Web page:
# Proper method of writing pseudo random sequences into binary files?

I am working in Python and created a B.B.S. implementation that outputs a sequence of pseudo random positive integers into a Python list. I would like to write this data to a binary file and pass it through ENT and Diehard to see how well it does, but I have no idea how to properly do this.

So far I have been writing these pseudo random sequences in python lists into binary files with the struct package, but even PRNG's like B.B.S. are horribly failing these tests, so I know I must be writing the data to the file incorrectly.

Would anyone be able to tell me the correct way to write a pseudo random sequence of integers of form [85285422, 1065539406, 1143357354, 812899410, 796171749, 531684531, 771767949, 527982099, ...] in a python list into a file for testing with ENT and Dieharder?

I would like to write this data to a binary file and pass it through ENT and Diehard to see how well it does

To test how well something does, we must have a definition of "well". For a RNG, that's almost universally: outputs independent uniformly random elements of some discrete set. That set is often integers in $$[0,m)$$ for some $$m$$. ENT is designed¹ for that with $$m=2^8$$, thus the set of all the possible bytes. Diehard(er) can test that too, that's what /dev/urandom outputs, and it's my suggestion.

The question's sequence is as obtained by²: $$x_{i+1}\gets{x_i}^2\bmod1232592891$$. That's against the security rationale of the Blum Blum Shub generator, which asks that

1. Only a few low-order bits of $$x_i$$ obtained by $$x_{i+1}\gets{x_i}^2\bmod n$$ should be output.
2. $$n$$ is a hard to factor integer³, implying that $$n$$ has at least 500 bits and it factors at least 150 bits for even mild hardness.

We can initially ignore the second issue. For the first, we can take few as 8 bits, that is reduce each number produced modulo 256, before writing each result as an individual byte in a file opened in binary mode with open. Or take it as 1 bit, reducing modulo 2 and grouping 8 consecutive bits in oen byte. In both cases, that's discarding most of the data, but that's a necessity to have a passably random-like sequence.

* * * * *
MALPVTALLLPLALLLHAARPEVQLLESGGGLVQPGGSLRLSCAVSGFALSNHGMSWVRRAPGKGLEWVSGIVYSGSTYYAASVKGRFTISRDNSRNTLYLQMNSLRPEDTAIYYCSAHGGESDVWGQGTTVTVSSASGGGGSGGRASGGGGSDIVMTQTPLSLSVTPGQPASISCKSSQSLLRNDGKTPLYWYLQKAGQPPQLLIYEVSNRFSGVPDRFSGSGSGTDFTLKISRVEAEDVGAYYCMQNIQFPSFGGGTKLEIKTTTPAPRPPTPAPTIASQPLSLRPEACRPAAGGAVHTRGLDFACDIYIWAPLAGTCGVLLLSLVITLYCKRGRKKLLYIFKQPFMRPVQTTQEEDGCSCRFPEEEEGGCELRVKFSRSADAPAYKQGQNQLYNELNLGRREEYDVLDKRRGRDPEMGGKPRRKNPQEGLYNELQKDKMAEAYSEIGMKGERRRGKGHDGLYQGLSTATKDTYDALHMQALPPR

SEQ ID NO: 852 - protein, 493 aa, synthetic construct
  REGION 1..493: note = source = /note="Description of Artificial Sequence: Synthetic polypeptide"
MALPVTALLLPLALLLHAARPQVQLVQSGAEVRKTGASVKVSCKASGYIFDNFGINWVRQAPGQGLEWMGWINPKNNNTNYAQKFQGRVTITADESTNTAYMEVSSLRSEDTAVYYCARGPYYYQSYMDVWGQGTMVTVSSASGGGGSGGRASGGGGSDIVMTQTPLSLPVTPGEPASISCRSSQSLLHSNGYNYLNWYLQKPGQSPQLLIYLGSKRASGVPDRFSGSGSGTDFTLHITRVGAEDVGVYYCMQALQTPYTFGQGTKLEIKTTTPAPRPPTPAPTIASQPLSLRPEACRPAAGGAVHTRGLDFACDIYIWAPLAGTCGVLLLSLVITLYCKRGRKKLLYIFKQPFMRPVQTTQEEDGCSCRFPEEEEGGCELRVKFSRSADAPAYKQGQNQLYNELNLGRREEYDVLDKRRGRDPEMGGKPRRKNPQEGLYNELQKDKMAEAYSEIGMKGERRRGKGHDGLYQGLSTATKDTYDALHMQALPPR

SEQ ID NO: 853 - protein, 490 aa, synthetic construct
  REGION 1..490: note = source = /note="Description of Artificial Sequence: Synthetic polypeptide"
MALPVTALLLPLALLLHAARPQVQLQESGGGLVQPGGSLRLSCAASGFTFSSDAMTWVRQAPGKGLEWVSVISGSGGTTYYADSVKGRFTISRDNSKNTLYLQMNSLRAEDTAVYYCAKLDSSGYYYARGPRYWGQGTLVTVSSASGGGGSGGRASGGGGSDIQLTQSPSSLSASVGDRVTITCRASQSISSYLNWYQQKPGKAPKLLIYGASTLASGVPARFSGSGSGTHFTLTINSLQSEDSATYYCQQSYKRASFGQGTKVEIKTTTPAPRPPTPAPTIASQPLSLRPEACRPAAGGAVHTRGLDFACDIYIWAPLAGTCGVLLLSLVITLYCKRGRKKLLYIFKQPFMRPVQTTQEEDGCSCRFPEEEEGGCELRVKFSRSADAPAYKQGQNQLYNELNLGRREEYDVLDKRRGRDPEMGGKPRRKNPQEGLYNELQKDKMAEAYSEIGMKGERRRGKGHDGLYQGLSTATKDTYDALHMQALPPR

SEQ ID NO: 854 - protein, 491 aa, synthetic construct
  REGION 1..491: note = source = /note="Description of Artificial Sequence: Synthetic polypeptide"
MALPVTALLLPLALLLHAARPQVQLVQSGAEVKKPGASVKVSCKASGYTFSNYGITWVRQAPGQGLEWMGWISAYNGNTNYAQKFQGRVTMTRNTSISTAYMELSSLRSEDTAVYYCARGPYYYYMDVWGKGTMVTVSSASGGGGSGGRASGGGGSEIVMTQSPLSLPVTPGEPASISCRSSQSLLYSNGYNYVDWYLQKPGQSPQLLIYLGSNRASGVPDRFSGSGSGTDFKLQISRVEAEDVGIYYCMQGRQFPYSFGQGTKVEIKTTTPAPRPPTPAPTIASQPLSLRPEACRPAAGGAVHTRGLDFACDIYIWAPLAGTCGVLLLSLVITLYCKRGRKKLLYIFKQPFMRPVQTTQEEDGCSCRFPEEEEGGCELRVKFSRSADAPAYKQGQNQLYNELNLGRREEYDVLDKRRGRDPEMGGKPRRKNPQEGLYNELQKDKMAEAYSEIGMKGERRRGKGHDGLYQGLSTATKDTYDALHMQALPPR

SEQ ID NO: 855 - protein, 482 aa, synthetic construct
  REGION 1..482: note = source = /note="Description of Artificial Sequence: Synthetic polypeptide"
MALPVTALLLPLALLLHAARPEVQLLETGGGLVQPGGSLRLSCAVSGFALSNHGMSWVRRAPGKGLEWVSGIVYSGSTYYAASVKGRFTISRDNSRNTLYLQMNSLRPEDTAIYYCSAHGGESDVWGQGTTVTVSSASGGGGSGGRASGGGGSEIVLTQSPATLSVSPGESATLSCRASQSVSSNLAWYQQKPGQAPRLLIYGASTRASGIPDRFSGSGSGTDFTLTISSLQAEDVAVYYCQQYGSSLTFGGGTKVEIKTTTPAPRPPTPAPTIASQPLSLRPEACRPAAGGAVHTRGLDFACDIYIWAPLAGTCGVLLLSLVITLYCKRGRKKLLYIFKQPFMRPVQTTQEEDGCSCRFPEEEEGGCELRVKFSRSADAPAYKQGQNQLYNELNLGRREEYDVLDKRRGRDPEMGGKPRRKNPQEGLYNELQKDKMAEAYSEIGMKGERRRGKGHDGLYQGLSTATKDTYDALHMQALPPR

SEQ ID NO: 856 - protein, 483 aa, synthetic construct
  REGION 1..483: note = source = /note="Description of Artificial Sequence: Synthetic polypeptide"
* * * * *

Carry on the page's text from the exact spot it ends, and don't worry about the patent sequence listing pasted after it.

It's interesting to learn how to make a generator that pass ENT and Diehard(er). Importantly, one should realize that a statistical test can't validate a RNG, only invalidate it. If such test consistently yields a fail result, then the sequence tested has some serious defect⁴. But if it yields a pass result, that does not validate the cryptographic quality of the sequence. It is plain impossible to do this from the sequence. What generates the sequence must be examined.

¹ With the caveat that ENT's main test is insensitive to the order of the bytes in its input: it does not even try to assess the "independent" part of "independent uniformly random elements of some discrete set".

² That recurrence predicts the next value all over the sequence. I inferred it form from the question's "B.B.S." and the fact that the output values looked like 10-digit decimal integer with first digit either 1, or 0 and suppressed. I found the modulus by computing $$\gcd({x_{i+1}}^2-x_i,\ {x_{i+2}}^2-x_{i+1})$$ for various $$i$$ in the output sequence, then dividing by 2.

³ The modulus $$n$$ can be public, that's the salient feature in the construction.

⁴ Alternatively, the test was misused or is defective.

Blum Blum Shub requires larger parameters for security than parameters that are typically suggested for factoring (or QR). See this answer for references.

The short of it is that there are likely no issues with using struct, but that you likely need to use a modulus of $$\approx 6800$$ bits and extract no more than $$5$$ bits per iteration to a concretely secure PRNG from BBS.